Grace and Peace to you, Dear Church,
from God and from our Lord and Savior Jesus the Christ. Amen
Seven years ago I found myself in the emergency room of a Davenport, Iowa hospital. It was below zero and I was present for a swimming pool incident. Don’t worry, I wasn’t present for hypothermia due to a polar bear swim. Instead, the incident happened at our hotel’s indoor pool. As I hobbled down the hall and into the exam room, the pain grew exceedingly worse. I hopped up on the examination table, removed my snow boot, and sock, and revealed to the doctor and nurse, a swollen and very crocked second toe. The doctor took a quick look and said, “It’s not broken, it’s just dislocated.” I sighed a sigh of relief for a brief second. That is, until the doctor said, “This may hurt a little.” As the doctor reached for my toe I began to laugh. I laughed so loud folks on the other side of the emergency room heard me. I laughed until I cried. As I sat there crying, my friend Joyce, trying not to laugh herself said, “It will be okay. I promise.”
That was the first time I remember personally experiencing nervous laughter. Nervous laughter: the uncontrollable sound that comes out of your mouth in a tense situation, or at a time when you are afraid to be weak or vulnerable, or when a situation is out of your control.
The story behind our scripture today is no laughing matter. Abram and Sarai did not have an ideal relationship, for their day or for ours. They had been waiting for God to give them a child for many years. Maybe they grew tired of waiting or maybe they grew tired of praying… In any case, Abram and Sarai created a plan. They forced their slave, Hagar, to bear them a son. They named him, Ishmael.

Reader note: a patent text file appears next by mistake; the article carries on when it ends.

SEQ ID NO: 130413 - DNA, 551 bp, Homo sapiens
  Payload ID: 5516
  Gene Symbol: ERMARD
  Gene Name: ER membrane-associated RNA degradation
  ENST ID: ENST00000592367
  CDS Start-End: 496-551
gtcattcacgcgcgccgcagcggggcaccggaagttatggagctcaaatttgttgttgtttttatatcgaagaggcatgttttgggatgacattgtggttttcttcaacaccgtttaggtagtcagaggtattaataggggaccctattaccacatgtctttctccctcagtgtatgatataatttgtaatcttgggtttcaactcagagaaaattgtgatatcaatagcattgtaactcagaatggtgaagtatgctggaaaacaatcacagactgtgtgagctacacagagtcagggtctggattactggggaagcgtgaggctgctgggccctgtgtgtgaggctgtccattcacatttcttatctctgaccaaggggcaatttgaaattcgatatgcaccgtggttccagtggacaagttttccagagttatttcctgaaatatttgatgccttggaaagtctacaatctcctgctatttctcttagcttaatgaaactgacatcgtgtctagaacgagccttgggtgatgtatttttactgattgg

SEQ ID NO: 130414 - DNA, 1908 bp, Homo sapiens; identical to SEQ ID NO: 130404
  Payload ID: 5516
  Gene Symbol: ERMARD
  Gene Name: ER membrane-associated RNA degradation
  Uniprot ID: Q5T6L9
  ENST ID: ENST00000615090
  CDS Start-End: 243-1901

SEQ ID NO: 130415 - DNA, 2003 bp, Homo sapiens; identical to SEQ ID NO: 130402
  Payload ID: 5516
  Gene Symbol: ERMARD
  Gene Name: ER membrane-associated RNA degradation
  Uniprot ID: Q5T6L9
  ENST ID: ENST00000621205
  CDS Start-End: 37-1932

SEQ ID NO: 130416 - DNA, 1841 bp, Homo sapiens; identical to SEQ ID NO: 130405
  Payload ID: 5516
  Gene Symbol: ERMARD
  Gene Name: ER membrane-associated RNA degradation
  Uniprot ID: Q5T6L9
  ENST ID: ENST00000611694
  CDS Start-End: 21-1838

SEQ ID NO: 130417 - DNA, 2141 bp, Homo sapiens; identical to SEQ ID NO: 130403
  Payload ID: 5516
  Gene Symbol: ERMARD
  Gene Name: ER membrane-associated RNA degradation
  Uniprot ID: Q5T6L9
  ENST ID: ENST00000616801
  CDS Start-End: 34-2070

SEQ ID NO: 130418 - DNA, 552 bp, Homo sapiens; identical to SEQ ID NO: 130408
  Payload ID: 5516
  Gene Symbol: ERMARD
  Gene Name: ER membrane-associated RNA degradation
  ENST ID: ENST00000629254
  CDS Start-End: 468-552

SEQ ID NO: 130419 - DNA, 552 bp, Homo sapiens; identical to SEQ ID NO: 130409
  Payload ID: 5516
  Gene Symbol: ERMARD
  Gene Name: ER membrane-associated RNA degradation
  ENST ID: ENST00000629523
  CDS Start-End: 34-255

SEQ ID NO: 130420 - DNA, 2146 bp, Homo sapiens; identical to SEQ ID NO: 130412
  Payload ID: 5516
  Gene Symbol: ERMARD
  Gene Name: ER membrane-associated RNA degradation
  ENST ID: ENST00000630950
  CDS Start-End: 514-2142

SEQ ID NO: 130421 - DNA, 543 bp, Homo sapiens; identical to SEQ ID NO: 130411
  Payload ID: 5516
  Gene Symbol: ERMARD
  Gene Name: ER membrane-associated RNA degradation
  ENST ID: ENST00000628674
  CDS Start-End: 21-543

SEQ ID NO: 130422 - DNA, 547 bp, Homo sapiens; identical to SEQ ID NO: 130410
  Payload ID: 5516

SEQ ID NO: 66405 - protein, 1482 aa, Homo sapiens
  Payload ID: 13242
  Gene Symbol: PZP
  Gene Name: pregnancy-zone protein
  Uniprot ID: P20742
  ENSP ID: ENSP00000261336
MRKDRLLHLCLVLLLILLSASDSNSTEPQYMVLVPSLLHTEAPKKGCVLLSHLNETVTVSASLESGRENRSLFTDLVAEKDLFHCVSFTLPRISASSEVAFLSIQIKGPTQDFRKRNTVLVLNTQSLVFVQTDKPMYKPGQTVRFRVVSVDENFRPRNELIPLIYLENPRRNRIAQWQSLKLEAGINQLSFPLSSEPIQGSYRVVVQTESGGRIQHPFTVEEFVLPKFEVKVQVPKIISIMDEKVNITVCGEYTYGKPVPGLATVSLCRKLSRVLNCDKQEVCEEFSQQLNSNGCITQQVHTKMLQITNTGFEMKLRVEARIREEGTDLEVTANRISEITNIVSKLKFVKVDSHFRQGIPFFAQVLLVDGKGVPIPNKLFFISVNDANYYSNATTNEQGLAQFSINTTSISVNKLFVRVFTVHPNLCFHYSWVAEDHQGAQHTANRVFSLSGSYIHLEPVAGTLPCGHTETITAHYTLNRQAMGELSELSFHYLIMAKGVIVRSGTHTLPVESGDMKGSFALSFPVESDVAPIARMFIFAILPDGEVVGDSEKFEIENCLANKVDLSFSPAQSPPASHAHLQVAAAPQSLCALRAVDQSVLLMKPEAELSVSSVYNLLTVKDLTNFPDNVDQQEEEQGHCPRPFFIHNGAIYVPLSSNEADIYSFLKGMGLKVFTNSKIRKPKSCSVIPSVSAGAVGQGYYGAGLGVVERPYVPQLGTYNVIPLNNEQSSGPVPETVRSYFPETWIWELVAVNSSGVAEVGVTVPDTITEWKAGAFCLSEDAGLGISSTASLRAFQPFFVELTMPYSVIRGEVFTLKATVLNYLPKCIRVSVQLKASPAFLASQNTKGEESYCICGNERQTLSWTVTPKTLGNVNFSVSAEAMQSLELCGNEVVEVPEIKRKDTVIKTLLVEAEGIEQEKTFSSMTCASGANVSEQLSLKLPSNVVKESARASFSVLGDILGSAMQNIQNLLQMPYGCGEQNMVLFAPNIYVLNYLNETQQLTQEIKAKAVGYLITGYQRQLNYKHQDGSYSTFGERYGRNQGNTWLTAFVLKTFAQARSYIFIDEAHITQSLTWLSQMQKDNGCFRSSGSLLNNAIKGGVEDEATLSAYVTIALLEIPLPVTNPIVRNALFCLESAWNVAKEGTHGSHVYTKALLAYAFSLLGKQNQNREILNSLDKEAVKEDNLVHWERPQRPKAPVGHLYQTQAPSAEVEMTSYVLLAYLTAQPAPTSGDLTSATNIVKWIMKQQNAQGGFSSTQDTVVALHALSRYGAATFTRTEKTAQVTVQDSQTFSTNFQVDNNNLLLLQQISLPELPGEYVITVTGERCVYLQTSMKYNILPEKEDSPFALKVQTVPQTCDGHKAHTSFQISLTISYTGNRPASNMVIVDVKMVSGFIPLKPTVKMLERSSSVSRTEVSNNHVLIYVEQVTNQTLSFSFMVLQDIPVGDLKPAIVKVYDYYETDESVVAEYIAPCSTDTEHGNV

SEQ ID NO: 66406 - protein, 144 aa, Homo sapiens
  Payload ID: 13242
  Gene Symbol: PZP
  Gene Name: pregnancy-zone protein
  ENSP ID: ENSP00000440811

Now, about the laughter in today’s scripture. Both Abraham and Sarah laughed at God. Abraham laughed because God told him, that he, at 100 years of age, would bear a son. Sarah laughed when God told her, that she, at 90 years of age, would bear a son with her 100 year old husband. Although I cannot say for certain, there was probably more than a little bit of nervous laughter going on here….
From an old couple, near the end of their lives, came new things and it was out of their control. God gave them new names, new purpose, and new life. Their new names, Abraham and Sarah, reflected their new purpose; Abraham meaning “Father of multitudes” and Sarah meaning “My Princess.” Their new purpose, to be the Father and Mother of God’s people. The new life God gave them was their son, Isaac.
But this story wasn’t just Good News for Abraham and Sarah. Every person in this story received a covenant blessing from God. Abraham received a covenant blessing to become the father of multitudes. Sarah received a blessing to become the mother of kings of nations. God didn’t forget Hagar in her oppression or Ishmael. Ishmael was blessed to be the father of twelve princes and a great nation. Hagar also received a promise from God. And all of this began with laughter, laughter that led to new covenants and new blessings for generations upon generations.
God doesn’t hold back in making extraordinary promises to extraordinary, ordinary, or oppressed people. We have a God who makes covenant promises and blessings with creatures, creation, and yes, even imperfect persons, persons like you and like me.
Church, what will you do with God’s covenant blessings? Will you laugh them off nervously? Will you try to refuse them because it is too late? Or will you give thanks and praise to God who keeps his promises to the old, the young, the slave, and the yet to be? Church, today, let us praise God, who is faithful, for extraordinary promises.
Peace be with you,
Pastor Mary Ann Siefke